• We don’t charge missed payment fees or other hidden fees that don’t have to be included in the APR - which pretty much every other credit card (and a lot of other BNPL providers) in the UK does. This is true across all our products (flex, loans and overdrafts). To see the impact of this you can checkout Clearpay’s annual report where they made £15.7 million in revenue from missed payment fees last year (which was ~33% of their total revenue) despite advertising interest free loans on their website. If we really wanted to “squeeze every penny from customers” it’d be pretty easy by slapping on a missed payment fee of £12 rather than accruing a few pence of interest from defaulting to 12 months! :slightly_frowning_face:

This all said, we’re currently looking into the mechanics of “defaulting to 12 instalments” along with a couple of other bits - and no i won’t say more on this :wink:


I could be wrong but I’m sure it does on the countless reminders and notifications you get reminding you to pick a plan.

Why didn’t you just pick one, either at the time you made the transaction or after one of the many notifications you recieved? You must have planned the purchase and that it was going to be flexed?

There’s a comment from someone at Monzo explaining why it defaults to 12 months. Im sure people would complain either way if it defaulted to 3 month and took a huge chunk of “the money they need to feed their kids” as first payment.

Edit: beaten to it above :rofl:


I think allowing people to set default payment periods would go some way to resolve this. When I spend on a card, I should know what rate of interest I’m going to pay at a minimum. Its not enough to say the user should have told us in 24 hours. There are loads of circumstances where this could be difficult / not possible. Not to mention the difficulty in reporting terms for numerous transactions at the same time. Like I said, as currently built, it’s done in a way to encourage you to forget about it and pay the max amount of interest. I believe that to be deliberately predatory.


Don’t use it then?

Or now you know, or have been reminded of how it works, you could use it without the same frustration next time? It can’t be that difficult to amend a transaction in-app with all the prompts they give.


Being so dramatic doesn’t help your argument.

What about when you set your default to 3 months and then it takes all your food money because this time you wanted it to be 12 months?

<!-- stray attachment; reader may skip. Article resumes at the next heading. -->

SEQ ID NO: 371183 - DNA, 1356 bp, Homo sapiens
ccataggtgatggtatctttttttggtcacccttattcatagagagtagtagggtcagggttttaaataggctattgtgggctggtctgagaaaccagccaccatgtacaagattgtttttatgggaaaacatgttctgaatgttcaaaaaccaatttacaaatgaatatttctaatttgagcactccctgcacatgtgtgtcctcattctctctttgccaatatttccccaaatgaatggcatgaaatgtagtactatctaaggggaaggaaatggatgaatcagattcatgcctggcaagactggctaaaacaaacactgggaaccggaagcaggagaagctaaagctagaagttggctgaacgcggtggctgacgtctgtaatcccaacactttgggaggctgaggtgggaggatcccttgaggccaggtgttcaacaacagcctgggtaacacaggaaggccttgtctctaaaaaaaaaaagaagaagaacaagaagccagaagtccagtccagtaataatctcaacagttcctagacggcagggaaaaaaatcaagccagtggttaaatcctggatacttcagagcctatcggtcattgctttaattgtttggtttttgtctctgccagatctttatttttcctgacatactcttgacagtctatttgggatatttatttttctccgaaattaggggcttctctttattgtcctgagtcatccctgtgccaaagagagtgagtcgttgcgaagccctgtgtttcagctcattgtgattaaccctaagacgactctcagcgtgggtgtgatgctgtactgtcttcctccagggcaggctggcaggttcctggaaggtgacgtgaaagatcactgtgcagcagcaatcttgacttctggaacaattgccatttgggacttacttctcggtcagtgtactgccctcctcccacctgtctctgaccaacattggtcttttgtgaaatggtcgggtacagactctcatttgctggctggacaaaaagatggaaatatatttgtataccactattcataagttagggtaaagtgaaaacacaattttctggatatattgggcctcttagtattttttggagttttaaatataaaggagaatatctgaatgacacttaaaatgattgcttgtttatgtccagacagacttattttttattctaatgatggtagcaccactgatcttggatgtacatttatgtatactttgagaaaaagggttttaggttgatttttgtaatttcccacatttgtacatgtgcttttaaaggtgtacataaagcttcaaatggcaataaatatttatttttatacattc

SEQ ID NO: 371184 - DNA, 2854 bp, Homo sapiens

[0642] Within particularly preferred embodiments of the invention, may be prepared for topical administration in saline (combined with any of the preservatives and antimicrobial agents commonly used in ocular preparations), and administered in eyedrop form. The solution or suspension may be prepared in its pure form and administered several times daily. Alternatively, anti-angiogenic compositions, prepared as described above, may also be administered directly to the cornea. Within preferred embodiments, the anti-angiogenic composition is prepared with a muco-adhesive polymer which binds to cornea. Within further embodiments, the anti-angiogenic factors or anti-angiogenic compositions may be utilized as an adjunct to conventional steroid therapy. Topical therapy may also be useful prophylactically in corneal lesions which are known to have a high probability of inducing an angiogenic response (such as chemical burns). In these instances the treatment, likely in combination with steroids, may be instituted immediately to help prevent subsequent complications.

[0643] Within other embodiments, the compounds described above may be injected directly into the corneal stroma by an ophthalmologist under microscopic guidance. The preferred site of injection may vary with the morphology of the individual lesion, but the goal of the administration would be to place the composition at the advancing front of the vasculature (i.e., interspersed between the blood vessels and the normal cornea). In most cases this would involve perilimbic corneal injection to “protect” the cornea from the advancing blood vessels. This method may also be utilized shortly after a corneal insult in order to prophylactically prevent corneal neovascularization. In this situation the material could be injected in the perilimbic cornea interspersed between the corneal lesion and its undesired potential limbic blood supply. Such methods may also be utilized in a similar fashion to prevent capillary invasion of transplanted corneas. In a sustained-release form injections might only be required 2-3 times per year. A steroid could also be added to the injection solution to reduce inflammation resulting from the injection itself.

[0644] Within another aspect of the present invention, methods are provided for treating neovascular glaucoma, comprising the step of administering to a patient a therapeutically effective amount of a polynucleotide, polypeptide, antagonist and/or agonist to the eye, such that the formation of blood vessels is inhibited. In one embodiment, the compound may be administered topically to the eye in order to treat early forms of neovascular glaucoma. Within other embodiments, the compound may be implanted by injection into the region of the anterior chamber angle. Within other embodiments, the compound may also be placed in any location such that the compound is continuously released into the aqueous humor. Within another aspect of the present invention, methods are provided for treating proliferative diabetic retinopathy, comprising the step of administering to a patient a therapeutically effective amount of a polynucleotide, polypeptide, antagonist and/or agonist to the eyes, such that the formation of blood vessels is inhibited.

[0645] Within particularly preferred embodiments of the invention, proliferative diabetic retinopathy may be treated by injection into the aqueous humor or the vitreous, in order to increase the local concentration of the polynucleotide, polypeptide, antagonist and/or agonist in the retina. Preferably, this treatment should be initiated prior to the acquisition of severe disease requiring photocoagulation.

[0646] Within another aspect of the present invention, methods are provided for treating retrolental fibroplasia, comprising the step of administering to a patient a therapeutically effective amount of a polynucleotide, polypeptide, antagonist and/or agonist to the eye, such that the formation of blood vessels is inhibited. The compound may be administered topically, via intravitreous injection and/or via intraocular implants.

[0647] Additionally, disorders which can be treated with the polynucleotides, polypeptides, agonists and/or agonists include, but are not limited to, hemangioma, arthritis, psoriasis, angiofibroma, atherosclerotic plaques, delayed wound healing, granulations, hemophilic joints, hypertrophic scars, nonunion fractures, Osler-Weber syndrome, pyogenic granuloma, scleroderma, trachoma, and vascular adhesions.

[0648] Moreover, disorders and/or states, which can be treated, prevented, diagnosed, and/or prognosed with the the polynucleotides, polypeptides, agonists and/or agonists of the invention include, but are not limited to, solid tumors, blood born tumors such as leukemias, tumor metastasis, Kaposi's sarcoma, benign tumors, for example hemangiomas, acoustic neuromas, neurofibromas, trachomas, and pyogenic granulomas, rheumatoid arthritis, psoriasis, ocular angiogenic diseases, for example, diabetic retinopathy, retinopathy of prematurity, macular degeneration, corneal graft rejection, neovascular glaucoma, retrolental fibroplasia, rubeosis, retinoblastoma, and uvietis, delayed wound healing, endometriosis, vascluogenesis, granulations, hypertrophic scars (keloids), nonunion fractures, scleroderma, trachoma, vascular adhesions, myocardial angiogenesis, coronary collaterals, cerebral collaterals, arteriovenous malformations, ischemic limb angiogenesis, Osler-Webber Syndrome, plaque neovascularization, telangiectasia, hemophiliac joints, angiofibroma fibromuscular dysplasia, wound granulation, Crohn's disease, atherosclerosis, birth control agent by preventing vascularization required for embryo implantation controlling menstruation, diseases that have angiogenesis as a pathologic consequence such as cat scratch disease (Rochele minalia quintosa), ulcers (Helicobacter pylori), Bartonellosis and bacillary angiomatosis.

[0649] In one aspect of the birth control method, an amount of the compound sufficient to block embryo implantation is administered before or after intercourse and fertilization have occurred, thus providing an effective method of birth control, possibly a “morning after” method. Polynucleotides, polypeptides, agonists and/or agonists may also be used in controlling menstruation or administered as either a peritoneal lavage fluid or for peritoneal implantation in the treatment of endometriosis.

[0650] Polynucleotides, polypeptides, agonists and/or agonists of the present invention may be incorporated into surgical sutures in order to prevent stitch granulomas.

It’s set like this for a reason.


I appreciate the comprehensive answer on this one. I wasn’t actually aware that paying off the loan early would reduce the interest. The way the program is advertised it suggested at least to me that there wouldn’t be an effect. It was only after stating that I would be refunding the payment to customer service that I was told this and paying off early would reduce the interest due.

All I’m saying is give the user the choice to choose. Why would that be a bad thing?

You get plenty of notifications and plenty of time to make your choice.


Is your day job politician? :joy:

That’s a good defence of Monzo’s current approach, but it doesn’t really answer the question that was asked! Matt Hancock would be proud.

I don’t think it’s a bad thing, but I’m not sure the solution is that clear cut either.

I think the entire approach would need a bit of a rethink in order to arrive at a solution a bit more elegant.

I’d propose they just made the first 3 months interest free as standard, regardless of which plan you take. Seems like the simplest fix to this problem to me, but I’m sure that would come with its own caveats too.

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Imo if you are serious about this, I’d do the following:

Make a formal complaint to Monzo. You might want to explain that you weren’t aware of the default being 12 months period, that you felt this was unfair, and/or 24 hours just not giving you enough time, and/or anything else.

Monzo will be almost certain to reject your complaint. But after they’ve done that you can then go to the financial ombudsman and ask them to consider the complaint. If nothing else I think it’d be interesting to see them rule on these sort of matters. (Personally I’m not convinced that Monzo defaulting people into an interest bearing 12 months period is in keeping with their requirements to treat customers fairly - especially given there are only 24 hr to make another choice - but I’m not an expert in these matters)

But it won’t be a quick thing. Afaik, while I would expect monzo to react quickly, the financial ombudsman has a very long backlog at the moment, so expect it to take months not weeks.


I haven’t joined Flex so haven’t read the T&C but from a consumer law perspective, saying something is in the T&C doesn’t make it legal.

I would expect a T&C like that to be specially drawn to a customers attention, otherwise it could well be considered an unfair term under the Consumer Rights Act.


You missed off the rest of the sentence…


No - you legally need to specifically draw the customers attention to certain T&C when they are agreeing the contract.

Just doing it afterwards, would not be legally sound/defensible.


It’s hard to recall, but I’m pretty sure they do during the onboarding process. This stuff was pretty clear, up front.